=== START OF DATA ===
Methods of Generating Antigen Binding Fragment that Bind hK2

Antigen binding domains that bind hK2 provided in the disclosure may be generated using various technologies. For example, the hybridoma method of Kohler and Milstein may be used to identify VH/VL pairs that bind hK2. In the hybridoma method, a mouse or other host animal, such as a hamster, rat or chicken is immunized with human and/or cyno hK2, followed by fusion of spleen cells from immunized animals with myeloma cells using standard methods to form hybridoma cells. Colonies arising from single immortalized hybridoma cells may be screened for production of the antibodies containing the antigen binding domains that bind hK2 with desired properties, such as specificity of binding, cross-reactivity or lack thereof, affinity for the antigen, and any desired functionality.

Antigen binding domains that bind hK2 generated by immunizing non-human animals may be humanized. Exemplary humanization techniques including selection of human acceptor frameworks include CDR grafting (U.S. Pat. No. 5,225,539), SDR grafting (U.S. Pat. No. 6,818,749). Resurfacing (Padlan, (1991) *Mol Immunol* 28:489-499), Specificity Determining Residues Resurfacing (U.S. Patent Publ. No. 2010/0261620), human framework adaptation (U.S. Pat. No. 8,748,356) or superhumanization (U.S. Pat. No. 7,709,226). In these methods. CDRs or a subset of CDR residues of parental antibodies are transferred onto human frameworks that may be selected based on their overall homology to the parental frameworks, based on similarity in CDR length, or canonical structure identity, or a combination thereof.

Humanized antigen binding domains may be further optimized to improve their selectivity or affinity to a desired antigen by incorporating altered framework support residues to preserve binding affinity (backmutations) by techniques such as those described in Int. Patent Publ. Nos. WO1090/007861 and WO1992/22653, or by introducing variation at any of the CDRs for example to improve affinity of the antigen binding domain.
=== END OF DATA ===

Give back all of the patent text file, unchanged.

Methods of Generating Antigen Binding Fragment that Bind hK2

Antigen binding domains that bind hK2 provided in the disclosure may be generated using various technologies. For example, the hybridoma method of Kohler and Milstein may be used to identify VH/VL pairs that bind hK2. In the hybridoma method, a mouse or other host animal, such as a hamster, rat or chicken is immunized with human and/or cyno hK2, followed by fusion of spleen cells from immunized animals with myeloma cells using standard methods to form hybridoma cells. Colonies arising from single immortalized hybridoma cells may be screened for production of the antibodies containing the antigen binding domains that bind hK2 with desired properties, such as specificity of binding, cross-reactivity or lack thereof, affinity for the antigen, and any desired functionality.

Antigen binding domains that bind hK2 generated by immunizing non-human animals may be humanized. Exemplary humanization techniques including selection of human acceptor frameworks include CDR grafting (U.S. Pat. No. 5,225,539), SDR grafting (U.S. Pat. No. 6,818,749). Resurfacing (Padlan, (1991) *Mol Immunol* 28:489-499), Specificity Determining Residues Resurfacing (U.S. Patent Publ. No. 2010/0261620), human framework adaptation (U.S. Pat. No. 8,748,356) or superhumanization (U.S. Pat. No. 7,709,226). In these methods. CDRs or a subset of CDR residues of parental antibodies are transferred onto human frameworks that may be selected based on their overall homology to the parental frameworks, based on similarity in CDR length, or canonical structure identity, or a combination thereof.

Humanized antigen binding domains may be further optimized to improve their selectivity or affinity to a desired antigen by incorporating altered framework support residues to preserve binding affinity (backmutations) by techniques such as those described in Int. Patent Publ. Nos. WO1090/007861 and WO1992/22653, or by introducing variation at any of the CDRs for example to improve affinity of the antigen binding domain.